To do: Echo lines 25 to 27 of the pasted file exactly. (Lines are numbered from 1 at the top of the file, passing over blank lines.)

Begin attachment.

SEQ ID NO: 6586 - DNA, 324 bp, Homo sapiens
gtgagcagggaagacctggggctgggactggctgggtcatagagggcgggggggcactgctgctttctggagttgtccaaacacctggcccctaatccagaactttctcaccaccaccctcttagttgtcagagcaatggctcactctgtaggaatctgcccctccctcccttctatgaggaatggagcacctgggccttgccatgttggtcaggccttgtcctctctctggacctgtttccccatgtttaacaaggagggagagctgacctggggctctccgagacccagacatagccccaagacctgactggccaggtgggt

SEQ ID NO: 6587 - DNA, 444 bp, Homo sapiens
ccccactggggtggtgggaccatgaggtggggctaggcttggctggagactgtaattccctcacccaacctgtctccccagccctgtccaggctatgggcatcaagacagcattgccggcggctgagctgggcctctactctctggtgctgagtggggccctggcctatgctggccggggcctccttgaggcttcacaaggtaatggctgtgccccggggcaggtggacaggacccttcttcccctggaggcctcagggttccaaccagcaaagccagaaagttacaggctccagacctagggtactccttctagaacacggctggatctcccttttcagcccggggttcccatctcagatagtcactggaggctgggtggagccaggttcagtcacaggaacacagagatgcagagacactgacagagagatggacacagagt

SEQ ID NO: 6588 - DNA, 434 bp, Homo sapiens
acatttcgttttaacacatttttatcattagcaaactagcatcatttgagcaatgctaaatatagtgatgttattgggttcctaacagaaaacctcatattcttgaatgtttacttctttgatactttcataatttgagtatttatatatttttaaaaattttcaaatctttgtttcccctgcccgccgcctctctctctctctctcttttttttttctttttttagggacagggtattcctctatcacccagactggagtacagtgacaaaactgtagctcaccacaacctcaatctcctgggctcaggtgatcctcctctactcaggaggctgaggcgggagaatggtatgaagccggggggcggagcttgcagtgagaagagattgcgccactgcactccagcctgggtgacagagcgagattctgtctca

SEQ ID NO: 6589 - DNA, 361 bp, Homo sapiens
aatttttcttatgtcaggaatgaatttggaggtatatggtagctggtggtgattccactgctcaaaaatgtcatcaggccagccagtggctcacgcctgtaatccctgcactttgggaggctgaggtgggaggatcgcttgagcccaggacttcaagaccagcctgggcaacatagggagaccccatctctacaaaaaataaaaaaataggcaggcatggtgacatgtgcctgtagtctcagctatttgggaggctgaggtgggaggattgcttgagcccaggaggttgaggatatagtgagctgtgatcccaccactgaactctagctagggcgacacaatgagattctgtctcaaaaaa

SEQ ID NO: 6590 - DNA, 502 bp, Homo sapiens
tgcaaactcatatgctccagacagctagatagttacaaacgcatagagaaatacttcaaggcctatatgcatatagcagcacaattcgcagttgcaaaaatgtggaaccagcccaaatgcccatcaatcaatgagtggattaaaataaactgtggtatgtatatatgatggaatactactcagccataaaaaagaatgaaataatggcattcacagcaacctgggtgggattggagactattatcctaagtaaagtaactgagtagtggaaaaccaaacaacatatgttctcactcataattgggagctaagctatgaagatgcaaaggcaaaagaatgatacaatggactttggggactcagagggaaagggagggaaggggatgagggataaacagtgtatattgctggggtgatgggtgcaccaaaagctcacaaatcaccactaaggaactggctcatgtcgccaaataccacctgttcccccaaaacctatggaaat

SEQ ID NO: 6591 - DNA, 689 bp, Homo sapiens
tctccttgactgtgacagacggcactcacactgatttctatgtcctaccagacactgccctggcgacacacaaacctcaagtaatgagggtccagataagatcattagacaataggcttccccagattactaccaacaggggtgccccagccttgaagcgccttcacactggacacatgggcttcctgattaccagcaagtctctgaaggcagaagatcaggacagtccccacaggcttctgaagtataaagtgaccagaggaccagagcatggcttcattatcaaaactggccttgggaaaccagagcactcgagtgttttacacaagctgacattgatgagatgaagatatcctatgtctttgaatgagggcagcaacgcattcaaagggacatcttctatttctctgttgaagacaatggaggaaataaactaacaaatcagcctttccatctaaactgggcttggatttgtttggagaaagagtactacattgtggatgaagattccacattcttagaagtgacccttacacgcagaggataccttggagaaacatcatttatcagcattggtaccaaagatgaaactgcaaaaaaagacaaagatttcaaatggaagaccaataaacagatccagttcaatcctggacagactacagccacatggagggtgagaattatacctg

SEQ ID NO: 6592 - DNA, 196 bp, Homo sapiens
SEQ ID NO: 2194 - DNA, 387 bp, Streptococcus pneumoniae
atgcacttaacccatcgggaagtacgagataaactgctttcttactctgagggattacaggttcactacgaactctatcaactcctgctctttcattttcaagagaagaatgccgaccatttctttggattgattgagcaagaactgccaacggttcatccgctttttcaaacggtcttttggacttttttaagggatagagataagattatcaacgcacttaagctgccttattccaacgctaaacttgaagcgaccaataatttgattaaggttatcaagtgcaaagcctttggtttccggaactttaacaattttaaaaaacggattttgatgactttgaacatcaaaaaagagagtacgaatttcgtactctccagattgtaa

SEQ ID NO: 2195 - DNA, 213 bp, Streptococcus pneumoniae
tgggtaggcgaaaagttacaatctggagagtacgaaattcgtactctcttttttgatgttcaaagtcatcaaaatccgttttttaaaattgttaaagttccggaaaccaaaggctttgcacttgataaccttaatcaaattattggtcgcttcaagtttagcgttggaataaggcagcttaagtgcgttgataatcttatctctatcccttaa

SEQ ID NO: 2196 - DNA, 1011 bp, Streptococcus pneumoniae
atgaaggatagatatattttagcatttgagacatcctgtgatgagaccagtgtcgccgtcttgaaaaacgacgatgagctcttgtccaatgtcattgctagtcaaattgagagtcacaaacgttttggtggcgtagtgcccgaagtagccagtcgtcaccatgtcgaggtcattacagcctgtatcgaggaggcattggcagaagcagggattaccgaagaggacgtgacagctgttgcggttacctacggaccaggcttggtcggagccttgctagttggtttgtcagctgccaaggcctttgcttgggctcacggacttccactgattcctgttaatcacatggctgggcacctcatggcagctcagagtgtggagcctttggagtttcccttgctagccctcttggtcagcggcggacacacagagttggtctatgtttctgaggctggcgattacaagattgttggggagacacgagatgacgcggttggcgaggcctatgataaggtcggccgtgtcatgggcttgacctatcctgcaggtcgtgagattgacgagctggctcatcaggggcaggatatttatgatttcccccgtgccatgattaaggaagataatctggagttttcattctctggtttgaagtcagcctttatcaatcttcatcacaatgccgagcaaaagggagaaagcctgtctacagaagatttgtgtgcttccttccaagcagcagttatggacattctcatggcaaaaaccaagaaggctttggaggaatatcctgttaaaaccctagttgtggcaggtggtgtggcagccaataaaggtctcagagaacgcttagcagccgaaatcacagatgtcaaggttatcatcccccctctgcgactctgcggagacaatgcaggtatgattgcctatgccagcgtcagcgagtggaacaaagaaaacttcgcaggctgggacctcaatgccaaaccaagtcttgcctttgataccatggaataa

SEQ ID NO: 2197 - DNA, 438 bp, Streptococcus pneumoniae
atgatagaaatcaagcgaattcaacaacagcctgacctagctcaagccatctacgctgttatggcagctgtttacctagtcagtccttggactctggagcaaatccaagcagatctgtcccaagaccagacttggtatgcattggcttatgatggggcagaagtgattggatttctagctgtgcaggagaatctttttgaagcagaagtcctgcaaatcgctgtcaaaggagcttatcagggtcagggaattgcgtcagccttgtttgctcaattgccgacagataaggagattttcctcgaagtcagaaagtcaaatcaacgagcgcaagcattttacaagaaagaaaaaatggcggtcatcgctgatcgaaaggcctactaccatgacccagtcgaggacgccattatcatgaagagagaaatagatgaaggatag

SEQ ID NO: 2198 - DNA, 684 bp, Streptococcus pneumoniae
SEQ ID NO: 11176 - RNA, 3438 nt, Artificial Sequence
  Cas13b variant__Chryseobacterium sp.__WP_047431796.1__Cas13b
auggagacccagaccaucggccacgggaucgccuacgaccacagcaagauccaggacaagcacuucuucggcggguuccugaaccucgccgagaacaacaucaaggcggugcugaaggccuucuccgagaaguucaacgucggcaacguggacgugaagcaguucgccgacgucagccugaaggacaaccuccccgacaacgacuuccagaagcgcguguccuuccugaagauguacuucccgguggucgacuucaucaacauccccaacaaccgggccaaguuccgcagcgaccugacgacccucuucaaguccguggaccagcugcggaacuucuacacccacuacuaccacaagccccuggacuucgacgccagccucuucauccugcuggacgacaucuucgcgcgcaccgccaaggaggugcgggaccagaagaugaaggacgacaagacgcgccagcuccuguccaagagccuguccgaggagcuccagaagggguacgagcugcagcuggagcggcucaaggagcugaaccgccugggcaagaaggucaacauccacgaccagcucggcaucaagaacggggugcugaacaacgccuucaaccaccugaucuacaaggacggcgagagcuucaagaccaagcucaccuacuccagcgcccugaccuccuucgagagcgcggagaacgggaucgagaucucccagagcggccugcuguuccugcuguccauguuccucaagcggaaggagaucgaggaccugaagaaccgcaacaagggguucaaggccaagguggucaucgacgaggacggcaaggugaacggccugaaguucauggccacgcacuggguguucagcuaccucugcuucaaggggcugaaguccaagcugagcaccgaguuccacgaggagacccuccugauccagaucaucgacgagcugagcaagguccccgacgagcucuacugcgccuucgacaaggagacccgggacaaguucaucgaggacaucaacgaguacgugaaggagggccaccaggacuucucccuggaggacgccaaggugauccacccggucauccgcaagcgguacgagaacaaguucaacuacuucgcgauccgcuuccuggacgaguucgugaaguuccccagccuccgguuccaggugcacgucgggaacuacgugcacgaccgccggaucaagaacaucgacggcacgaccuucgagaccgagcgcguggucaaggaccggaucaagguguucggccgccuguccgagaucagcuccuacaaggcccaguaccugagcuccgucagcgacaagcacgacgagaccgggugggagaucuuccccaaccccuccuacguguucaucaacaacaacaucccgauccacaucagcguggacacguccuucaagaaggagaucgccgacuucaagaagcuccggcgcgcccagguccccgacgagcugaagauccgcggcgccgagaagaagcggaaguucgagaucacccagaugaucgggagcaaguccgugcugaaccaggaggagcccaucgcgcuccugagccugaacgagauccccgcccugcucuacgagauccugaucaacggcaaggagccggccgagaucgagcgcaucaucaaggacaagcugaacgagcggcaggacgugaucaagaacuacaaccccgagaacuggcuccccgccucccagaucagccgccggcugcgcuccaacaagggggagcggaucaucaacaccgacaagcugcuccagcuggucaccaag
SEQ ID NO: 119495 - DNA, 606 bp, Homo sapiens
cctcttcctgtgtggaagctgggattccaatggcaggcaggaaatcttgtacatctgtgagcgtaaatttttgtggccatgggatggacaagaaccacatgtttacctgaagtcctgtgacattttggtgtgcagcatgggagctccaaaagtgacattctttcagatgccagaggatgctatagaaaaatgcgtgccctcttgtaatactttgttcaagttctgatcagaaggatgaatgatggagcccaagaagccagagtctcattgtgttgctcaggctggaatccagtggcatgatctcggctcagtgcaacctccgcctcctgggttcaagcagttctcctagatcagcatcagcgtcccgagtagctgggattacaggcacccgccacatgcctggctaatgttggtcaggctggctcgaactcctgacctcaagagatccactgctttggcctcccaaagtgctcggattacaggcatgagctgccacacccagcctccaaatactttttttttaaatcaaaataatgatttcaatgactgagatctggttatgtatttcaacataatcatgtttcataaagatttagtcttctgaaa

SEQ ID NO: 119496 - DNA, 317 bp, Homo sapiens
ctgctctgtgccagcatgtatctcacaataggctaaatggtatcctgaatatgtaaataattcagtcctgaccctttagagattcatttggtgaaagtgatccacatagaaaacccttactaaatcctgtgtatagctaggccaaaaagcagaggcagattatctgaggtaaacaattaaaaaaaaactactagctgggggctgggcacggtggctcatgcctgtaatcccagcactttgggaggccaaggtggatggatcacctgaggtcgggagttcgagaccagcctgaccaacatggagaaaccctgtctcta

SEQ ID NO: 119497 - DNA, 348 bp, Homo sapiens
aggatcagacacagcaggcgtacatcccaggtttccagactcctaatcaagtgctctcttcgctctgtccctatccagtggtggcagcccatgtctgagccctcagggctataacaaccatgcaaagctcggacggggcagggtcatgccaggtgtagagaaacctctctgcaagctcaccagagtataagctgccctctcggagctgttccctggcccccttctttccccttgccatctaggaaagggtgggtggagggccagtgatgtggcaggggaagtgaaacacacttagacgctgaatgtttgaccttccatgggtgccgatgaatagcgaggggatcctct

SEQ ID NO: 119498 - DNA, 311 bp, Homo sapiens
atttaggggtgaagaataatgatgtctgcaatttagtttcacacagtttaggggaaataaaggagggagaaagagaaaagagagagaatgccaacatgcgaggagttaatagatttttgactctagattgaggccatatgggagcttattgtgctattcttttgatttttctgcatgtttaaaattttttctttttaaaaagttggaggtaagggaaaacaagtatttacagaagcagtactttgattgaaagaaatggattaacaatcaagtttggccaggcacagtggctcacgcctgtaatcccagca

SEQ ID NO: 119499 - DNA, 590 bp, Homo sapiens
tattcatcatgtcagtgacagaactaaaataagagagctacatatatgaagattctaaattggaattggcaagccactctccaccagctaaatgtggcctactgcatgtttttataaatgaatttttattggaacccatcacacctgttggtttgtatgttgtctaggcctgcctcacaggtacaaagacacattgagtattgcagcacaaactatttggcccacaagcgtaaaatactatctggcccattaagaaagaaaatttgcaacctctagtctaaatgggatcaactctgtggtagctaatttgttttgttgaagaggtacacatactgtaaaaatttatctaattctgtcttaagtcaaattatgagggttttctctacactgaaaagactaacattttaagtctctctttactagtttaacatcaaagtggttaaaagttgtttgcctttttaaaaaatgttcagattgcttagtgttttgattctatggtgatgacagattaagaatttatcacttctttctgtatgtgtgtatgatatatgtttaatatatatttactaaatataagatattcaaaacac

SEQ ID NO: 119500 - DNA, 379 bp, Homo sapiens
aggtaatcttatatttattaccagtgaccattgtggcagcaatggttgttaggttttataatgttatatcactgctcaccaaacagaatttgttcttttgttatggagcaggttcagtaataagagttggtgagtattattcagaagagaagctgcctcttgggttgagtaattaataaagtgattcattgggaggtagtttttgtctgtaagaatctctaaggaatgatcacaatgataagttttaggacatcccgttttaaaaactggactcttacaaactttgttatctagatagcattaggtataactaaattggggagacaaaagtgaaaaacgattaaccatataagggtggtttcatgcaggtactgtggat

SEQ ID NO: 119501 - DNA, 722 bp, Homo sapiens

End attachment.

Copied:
auggagacccagaccaucggccacgggaucgccuacgaccacagcaagauccaggacaagcacuucuucggcggguuccugaaccucgccgagaacaacaucaaggcggugcugaaggccuucuccgagaaguucaacgucggcaacguggacgugaagcaguucgccgacgucagccugaaggacaaccuccccgacaacgacuuccagaagcgcguguccuuccugaagauguacuucccgguggucgacuucaucaacauccccaacaaccgggccaaguuccgcagcgaccugacgacccucuucaaguccguggaccagcugcggaacuucuacacccacuacuaccacaagccccuggacuucgacgccagccucuucauccugcuggacgacaucuucgcgcgcaccgccaaggaggugcgggaccagaagaugaaggacgacaagacgcgccagcuccuguccaagagccuguccgaggagcuccagaagggguacgagcugcagcuggagcggcucaaggagcugaaccgccugggcaagaaggucaacauccacgaccagcucggcaucaagaacggggugcugaacaacgccuucaaccaccugaucuacaaggacggcgagagcuucaagaccaagcucaccuacuccagcgcccugaccuccuucgagagcgcggagaacgggaucgagaucucccagagcggccugcuguuccugcuguccauguuccucaagcggaaggagaucgaggaccugaagaaccgcaacaagggguucaaggccaagguggucaucgacgaggacggcaaggugaacggccugaaguucauggccacgcacuggguguucagcuaccucugcuucaaggggcugaaguccaagcugagcaccgaguuccacgaggagacccuccugauccagaucaucgacgagcugagcaagguccccgacgagcucuacugcgccuucgacaaggagacccgggacaaguucaucgaggacaucaacgaguacgugaaggagggccaccaggacuucucccuggaggacgccaaggugauccacccggucauccgcaagcgguacgagaacaaguucaacuacuucgcgauccgcuuccuggacgaguucgugaaguuccccagccuccgguuccaggugcacgucgggaacuacgugcacgaccgccggaucaagaacaucgacggcacgaccuucgagaccgagcgcguggucaaggaccggaucaagguguucggccgccuguccgagaucagcuccuacaaggcccaguaccugagcuccgucagcgacaagcacgacgagaccgggugggagaucuuccccaaccccuccuacguguucaucaacaacaacaucccgauccacaucagcguggacacguccuucaagaaggagaucgccgacuucaagaagcuccggcgcgcccagguccccgacgagcugaagauccgcggcgccgagaagaagcggaaguucgagaucacccagaugaucgggagcaaguccgugcugaaccaggaggagcccaucgcgcuccugagccugaacgagauccccgcccugcucuacgagauccugaucaacggcaaggagccggccgagaucgagcgcaucaucaaggacaagcugaacgagcggcaggacgugaucaagaacuacaaccccgagaacuggcuccccgccucccagaucagccgccggcugcgcuccaacaagggggagcggaucaucaacaccgacaagcugcuccagcuggucaccaag
SEQ ID NO: 119495 - DNA, 606 bp, Homo sapiens
cctcttcctgtgtggaagctgggattccaatggcaggcaggaaatcttgtacatctgtgagcgtaaatttttgtggccatgggatggacaagaaccacatgtttacctgaagtcctgtgacattttggtgtgcagcatgggagctccaaaagtgacattctttcagatgccagaggatgctatagaaaaatgcgtgccctcttgtaatactttgttcaagttctgatcagaaggatgaatgatggagcccaagaagccagagtctcattgtgttgctcaggctggaatccagtggcatgatctcggctcagtgcaacctccgcctcctgggttcaagcagttctcctagatcagcatcagcgtcccgagtagctgggattacaggcacccgccacatgcctggctaatgttggtcaggctggctcgaactcctgacctcaagagatccactgctttggcctcccaaagtgctcggattacaggcatgagctgccacacccagcctccaaatactttttttttaaatcaaaataatgatttcaatgactgagatctggttatgtatttcaacataatcatgtttcataaagatttagtcttctgaaa